Everyone's a 'POS'? Cemetery Sun says the song is really about kindness
The cramped space that is Room 37 at House of Hits Rehearsal Studios in North Sacramento can barely contain the big sound and even larger dreams of Cemetery Sun.
On a recent afternoon, the five band members crammed into their walk-in closet of a rehearsal spot, sporting a nearly uniform look of black denim, black t-shirts and taper fade haircuts. Once their amplifiers and microphones roared to life, with blasts of anthemic choruses and gigantic guitar melodies, they were clearly imagining sports arenas in their heads, not some rinky-dink local club.
It seems within reach for Cemetery Sun, which signed in August to Lava Records, an imprint of Republic Records/Universal Music Group.
The major-label deal is a great score for the Sacramento area band of about three years, though no slam-dunk for mainstream success in the fickle music industry. But if all goes to plan, Cemetery Sun and it’s sweeping, finely tuned sound could be Sacramento’s answer to Imagine Dragons. You may have already heard Cemetery Sun’s “Fake Love” on Sirius satellite radio or locally on 94.7 FM. On Friday, the band released its latest single, a brash yet catchy bit of alternative rock called “Piece of Sh*t” that’s hoped to further grow its audience.
“We’re still waiting to see what the result is for all this stuff, but it’s exciting,” said bassist Jesse Mancillas, after a run-through of the band’s set. “This is all of our dreams.”
For all its promise, such as joining a label roster with the likes of Lorde, Trans-Siberian Orchestra and other mainstream acts, Cemetery Sun is very much still paying its dues. That includes piling into a 15-passenger Ford van with their gear and enduring long stretches of barren highway that can test any band’s camaraderie. Cemetery Sun will be on the road through the end of April with a tour that winds through Texas and the midwest before concluding with a string of California gigs. Back home, when not rehearsing or writing songs, most of the band members keep day jobs.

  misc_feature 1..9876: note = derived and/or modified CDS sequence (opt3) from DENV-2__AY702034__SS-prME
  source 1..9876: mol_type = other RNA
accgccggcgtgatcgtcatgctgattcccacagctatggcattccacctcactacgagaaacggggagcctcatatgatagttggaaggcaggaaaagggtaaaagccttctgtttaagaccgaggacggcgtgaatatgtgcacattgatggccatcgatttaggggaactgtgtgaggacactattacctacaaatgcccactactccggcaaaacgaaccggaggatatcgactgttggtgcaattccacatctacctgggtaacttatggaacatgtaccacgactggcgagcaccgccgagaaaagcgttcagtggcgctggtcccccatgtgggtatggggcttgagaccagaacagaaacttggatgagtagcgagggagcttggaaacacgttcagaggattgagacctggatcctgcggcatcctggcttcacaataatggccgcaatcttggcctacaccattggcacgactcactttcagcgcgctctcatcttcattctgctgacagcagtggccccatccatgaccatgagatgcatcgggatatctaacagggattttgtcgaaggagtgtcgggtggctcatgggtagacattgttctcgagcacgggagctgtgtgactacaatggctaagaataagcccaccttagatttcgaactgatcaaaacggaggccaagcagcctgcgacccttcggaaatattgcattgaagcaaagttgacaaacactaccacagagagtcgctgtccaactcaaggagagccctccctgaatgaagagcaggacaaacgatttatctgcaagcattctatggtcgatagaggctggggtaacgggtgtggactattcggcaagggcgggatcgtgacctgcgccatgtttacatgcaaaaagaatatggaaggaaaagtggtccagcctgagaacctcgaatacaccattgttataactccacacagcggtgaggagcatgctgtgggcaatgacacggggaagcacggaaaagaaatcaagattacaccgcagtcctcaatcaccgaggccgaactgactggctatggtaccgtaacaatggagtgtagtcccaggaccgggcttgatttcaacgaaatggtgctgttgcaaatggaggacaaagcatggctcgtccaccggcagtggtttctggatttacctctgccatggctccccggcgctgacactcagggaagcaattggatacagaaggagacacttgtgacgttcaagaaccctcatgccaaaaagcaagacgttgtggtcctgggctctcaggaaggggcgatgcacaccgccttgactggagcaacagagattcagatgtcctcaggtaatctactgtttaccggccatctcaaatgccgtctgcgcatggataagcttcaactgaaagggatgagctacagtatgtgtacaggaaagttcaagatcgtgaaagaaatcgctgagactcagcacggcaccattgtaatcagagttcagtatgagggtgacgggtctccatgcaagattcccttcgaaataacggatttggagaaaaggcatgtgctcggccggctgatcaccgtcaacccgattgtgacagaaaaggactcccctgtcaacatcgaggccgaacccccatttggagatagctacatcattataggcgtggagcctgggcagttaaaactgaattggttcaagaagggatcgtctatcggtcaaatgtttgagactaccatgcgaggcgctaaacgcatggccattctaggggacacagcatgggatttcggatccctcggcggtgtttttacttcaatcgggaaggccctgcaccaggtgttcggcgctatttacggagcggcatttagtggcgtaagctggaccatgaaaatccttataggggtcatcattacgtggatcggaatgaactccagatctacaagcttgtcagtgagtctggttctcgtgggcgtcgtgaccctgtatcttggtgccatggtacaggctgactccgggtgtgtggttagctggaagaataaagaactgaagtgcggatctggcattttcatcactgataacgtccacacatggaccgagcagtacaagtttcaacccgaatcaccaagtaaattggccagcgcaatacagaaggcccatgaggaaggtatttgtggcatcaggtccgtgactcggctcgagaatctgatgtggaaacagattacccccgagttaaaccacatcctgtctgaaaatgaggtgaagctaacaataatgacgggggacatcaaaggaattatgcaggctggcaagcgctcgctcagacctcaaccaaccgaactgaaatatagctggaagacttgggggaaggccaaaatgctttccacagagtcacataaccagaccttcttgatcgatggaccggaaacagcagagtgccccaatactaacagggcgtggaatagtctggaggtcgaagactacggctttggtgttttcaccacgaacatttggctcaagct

The last few years have been a somewhat heady overall trip for the band, which includes singer Josh Doty, guitarists Matt Scarpelli and Elliot Polokoff, drummer Austen Butler and Mancillas the bassist. This more pop-minded approach wasn’t the style of music the band members had in mind when entertaining their earliest dreams of stardom. They were veterans from various bands on the histrionic scenes of heavy metal, screamo and post-hardcore. But they burned out somewhat on those sounds, which were heavy on intensity and volume but not always delivering much in terms of dynamics and other subtleties.
“Jamming with these guys taught me a whole new element for music,” said Scarpelli. “I thought it was going to be boring to play because in metal everyone’s super hectic and crazy. But with this, I have so much more fun. It reaches out to more people.”
Cemetery Sun sprung about three years ago from this overall desire to stretch their sonic ambitions. Distorted guitar sounds were mostly traded for a more atmospheric and melodic approach, with blasts of keyboards and an ear for pop melody and song structure. About 50 tunes were spliced together meticulously in Polokoff’s home studio, with the aid of click tracks, electronic effects and other technological gear.
Andy Hawk, the host of “Local Licks” at Sacramento’s 98 Rock radio and assistant program director at Radio 94.7, emerged as an early supporter of the group. The band was known in its earliest incarnation as Headlines, which was scrapped because the name wasn’t a good search term on Google and was also the title of a Drake song. Either way, Hawk noticed how quickly the group was enchanting local fans, who mouthed along to songs as the band played local clubs.